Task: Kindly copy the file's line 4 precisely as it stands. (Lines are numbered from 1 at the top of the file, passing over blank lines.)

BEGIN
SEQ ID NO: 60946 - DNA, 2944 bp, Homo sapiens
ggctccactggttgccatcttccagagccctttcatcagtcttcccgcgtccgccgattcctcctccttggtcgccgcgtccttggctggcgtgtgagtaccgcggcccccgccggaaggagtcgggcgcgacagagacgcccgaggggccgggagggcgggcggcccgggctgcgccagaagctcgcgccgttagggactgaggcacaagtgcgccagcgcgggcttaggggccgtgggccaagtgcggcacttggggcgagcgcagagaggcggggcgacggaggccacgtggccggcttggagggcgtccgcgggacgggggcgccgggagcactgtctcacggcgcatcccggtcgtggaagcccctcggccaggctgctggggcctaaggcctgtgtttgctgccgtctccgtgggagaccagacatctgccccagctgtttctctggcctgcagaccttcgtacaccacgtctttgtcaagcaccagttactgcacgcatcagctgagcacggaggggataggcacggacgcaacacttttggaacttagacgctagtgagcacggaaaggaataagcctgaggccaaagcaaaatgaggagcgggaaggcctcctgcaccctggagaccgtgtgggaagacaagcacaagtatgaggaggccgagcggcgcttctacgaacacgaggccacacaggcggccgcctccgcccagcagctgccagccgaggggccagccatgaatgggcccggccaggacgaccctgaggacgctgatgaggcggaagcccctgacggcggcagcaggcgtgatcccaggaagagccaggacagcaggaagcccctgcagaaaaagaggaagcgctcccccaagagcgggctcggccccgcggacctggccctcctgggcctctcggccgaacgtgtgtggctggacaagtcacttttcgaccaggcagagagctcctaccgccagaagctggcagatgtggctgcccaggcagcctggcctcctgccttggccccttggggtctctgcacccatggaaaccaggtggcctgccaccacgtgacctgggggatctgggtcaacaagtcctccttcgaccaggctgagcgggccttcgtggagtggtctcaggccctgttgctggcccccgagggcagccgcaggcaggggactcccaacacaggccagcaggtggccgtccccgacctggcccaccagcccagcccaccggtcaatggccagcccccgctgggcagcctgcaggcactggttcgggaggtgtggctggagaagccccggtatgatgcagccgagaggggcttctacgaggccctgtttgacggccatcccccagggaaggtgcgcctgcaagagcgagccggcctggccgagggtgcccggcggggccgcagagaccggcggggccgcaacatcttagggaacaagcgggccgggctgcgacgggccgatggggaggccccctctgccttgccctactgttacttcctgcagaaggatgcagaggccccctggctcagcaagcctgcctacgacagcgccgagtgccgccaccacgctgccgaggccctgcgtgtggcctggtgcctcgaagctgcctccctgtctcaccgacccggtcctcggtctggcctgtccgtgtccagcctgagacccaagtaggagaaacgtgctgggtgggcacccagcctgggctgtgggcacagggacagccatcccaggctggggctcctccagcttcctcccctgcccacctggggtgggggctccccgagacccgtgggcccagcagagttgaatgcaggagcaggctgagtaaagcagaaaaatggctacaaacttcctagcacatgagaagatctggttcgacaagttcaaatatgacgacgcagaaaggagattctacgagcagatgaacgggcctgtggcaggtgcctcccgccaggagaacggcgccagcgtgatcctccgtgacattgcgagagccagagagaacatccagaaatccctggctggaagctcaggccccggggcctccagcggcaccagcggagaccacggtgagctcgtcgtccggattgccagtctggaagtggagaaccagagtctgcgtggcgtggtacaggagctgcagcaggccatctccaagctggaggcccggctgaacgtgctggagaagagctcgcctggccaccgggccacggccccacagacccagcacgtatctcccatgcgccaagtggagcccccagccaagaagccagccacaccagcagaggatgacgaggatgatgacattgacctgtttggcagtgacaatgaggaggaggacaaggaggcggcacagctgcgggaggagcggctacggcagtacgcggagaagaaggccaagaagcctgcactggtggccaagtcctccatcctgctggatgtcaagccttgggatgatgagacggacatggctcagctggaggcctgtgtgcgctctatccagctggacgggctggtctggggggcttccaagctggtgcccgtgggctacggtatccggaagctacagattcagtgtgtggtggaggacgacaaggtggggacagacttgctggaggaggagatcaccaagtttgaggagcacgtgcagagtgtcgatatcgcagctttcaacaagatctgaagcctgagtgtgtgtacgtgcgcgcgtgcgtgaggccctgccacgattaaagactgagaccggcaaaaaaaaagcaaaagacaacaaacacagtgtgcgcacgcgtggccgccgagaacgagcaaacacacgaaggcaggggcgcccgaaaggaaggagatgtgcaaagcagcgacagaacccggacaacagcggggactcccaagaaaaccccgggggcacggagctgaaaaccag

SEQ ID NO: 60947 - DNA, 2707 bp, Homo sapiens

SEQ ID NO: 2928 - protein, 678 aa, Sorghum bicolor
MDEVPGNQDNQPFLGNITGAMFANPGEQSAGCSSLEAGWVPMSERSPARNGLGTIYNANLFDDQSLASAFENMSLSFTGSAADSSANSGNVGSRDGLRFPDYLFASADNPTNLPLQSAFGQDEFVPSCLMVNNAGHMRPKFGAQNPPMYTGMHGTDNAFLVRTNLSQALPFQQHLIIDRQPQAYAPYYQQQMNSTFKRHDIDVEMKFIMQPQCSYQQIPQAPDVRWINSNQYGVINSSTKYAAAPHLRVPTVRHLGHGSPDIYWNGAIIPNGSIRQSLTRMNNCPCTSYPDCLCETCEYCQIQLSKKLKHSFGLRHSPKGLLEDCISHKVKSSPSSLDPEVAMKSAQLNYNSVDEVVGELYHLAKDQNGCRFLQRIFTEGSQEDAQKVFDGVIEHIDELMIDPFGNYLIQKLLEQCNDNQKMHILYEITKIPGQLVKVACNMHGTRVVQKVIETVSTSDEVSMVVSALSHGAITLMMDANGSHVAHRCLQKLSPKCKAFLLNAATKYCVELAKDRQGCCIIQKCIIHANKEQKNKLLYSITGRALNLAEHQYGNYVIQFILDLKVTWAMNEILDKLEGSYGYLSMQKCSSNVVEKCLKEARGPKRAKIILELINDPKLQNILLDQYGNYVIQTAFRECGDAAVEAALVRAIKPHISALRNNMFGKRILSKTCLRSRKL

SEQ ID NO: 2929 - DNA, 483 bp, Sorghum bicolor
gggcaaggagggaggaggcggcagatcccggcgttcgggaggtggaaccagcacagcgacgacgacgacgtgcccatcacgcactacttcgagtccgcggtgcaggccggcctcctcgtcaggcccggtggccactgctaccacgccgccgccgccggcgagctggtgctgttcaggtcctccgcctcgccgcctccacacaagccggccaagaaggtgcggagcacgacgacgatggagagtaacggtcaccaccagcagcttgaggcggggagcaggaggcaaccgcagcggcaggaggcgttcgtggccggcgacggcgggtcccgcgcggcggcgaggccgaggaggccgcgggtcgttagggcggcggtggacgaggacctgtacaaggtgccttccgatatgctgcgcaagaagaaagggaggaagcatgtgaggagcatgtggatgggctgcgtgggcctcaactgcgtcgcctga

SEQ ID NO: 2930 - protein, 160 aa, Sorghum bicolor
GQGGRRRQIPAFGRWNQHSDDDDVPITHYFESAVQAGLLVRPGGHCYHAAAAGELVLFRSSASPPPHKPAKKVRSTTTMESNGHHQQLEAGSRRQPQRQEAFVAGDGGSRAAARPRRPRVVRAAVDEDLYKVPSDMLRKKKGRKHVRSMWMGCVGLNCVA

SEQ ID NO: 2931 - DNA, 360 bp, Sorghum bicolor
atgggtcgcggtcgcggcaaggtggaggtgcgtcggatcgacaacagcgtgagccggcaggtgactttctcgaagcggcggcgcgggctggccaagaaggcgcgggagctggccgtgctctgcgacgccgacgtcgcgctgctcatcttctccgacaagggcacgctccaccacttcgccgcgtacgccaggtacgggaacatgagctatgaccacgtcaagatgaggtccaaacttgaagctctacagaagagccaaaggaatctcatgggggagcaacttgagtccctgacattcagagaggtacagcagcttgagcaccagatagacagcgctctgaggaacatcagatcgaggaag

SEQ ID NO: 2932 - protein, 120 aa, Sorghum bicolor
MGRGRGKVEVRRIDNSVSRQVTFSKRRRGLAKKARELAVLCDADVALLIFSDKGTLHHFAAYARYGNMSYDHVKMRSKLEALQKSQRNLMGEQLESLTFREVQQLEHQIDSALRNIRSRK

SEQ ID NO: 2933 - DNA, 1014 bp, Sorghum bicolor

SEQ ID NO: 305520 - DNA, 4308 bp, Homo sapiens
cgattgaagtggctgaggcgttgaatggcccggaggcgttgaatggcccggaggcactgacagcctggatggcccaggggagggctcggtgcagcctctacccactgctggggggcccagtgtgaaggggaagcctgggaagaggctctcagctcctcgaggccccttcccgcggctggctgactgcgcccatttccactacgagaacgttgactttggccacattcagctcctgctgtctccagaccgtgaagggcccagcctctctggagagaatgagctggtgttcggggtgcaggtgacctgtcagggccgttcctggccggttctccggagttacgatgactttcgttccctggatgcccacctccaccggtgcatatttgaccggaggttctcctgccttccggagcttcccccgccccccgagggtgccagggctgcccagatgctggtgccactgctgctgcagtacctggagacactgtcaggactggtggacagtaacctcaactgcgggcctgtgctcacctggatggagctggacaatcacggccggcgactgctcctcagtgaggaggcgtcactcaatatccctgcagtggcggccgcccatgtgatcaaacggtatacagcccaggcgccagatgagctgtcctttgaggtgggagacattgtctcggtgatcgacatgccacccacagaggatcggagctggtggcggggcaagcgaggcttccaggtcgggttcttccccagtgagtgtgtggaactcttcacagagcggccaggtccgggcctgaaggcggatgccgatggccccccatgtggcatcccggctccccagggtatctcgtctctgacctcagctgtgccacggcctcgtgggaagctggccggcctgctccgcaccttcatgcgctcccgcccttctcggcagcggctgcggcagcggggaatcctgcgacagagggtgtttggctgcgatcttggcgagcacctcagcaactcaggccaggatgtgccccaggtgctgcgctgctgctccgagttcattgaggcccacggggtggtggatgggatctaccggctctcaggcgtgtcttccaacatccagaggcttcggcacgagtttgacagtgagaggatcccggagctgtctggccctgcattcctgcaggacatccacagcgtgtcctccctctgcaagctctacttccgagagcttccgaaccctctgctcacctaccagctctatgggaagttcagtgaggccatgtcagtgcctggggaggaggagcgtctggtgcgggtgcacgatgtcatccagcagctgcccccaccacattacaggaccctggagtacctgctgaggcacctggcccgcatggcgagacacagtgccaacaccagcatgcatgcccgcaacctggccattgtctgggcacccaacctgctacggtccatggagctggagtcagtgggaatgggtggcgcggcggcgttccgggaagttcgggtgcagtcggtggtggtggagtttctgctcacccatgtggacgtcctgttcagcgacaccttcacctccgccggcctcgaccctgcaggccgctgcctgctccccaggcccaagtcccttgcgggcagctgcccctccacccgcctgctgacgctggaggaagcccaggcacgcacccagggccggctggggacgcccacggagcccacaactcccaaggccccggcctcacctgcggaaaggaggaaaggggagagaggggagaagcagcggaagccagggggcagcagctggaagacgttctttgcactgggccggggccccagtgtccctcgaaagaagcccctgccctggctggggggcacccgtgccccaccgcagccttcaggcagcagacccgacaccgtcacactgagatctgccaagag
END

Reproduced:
SEQ ID NO: 2928 - protein, 678 aa, Sorghum bicolor